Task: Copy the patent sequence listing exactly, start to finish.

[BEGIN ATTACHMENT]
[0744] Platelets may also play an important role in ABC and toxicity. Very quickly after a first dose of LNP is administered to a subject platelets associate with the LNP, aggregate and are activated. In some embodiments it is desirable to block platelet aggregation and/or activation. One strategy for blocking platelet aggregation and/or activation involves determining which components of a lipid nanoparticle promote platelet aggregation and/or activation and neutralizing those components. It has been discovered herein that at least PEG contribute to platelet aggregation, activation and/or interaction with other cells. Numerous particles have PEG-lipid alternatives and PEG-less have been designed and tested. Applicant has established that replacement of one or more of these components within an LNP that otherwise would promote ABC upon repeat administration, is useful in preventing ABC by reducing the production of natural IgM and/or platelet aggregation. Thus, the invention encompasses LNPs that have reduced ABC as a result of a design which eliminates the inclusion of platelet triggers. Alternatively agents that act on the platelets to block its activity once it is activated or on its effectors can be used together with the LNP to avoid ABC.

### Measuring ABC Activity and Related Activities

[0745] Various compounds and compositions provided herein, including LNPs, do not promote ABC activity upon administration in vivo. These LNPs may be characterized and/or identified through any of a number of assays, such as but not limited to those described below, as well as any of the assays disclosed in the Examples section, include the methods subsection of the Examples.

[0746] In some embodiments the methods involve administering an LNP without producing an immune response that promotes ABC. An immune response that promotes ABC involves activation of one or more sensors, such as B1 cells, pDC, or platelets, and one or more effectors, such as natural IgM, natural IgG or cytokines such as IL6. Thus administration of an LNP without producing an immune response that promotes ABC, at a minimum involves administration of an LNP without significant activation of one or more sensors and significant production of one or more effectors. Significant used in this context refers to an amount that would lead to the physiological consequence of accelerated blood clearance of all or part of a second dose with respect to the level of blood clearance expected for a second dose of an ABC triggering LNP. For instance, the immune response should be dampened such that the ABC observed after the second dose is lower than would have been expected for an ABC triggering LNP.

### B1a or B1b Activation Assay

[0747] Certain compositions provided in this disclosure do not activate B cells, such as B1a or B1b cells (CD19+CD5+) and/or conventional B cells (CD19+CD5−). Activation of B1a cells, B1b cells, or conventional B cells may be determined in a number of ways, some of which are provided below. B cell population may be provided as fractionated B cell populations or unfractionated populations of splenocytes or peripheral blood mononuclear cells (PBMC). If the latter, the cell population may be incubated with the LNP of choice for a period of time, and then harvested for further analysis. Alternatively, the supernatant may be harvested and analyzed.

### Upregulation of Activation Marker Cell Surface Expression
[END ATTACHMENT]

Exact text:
[0744] Platelets may also play an important role in ABC and toxicity. Very quickly after a first dose of LNP is administered to a subject platelets associate with the LNP, aggregate and are activated. In some embodiments it is desirable to block platelet aggregation and/or activation. One strategy for blocking platelet aggregation and/or activation involves determining which components of a lipid nanoparticle promote platelet aggregation and/or activation and neutralizing those components. It has been discovered herein that at least PEG contribute to platelet aggregation, activation and/or interaction with other cells. Numerous particles have PEG-lipid alternatives and PEG-less have been designed and tested. Applicant has established that replacement of one or more of these components within an LNP that otherwise would promote ABC upon repeat administration, is useful in preventing ABC by reducing the production of natural IgM and/or platelet aggregation. Thus, the invention encompasses LNPs that have reduced ABC as a result of a design which eliminates the inclusion of platelet triggers. Alternatively agents that act on the platelets to block its activity once it is activated or on its effectors can be used together with the LNP to avoid ABC.

### Measuring ABC Activity and Related Activities

[0745] Various compounds and compositions provided herein, including LNPs, do not promote ABC activity upon administration in vivo. These LNPs may be characterized and/or identified through any of a number of assays, such as but not limited to those described below, as well as any of the assays disclosed in the Examples section, include the methods subsection of the Examples.

[0746] In some embodiments the methods involve administering an LNP without producing an immune response that promotes ABC. An immune response that promotes ABC involves activation of one or more sensors, such as B1 cells, pDC, or platelets, and one or more effectors, such as natural IgM, natural IgG or cytokines such as IL6. Thus administration of an LNP without producing an immune response that promotes ABC, at a minimum involves administration of an LNP without significant activation of one or more sensors and significant production of one or more effectors. Significant used in this context refers to an amount that would lead to the physiological consequence of accelerated blood clearance of all or part of a second dose with respect to the level of blood clearance expected for a second dose of an ABC triggering LNP. For instance, the immune response should be dampened such that the ABC observed after the second dose is lower than would have been expected for an ABC triggering LNP.

### B1a or B1b Activation Assay

[0747] Certain compositions provided in this disclosure do not activate B cells, such as B1a or B1b cells (CD19+CD5+) and/or conventional B cells (CD19+CD5−). Activation of B1a cells, B1b cells, or conventional B cells may be determined in a number of ways, some of which are provided below. B cell population may be provided as fractionated B cell populations or unfractionated populations of splenocytes or peripheral blood mononuclear cells (PBMC). If the latter, the cell population may be incubated with the LNP of choice for a period of time, and then harvested for further analysis. Alternatively, the supernatant may be harvested and analyzed.

### Upregulation of Activation Marker Cell Surface Expression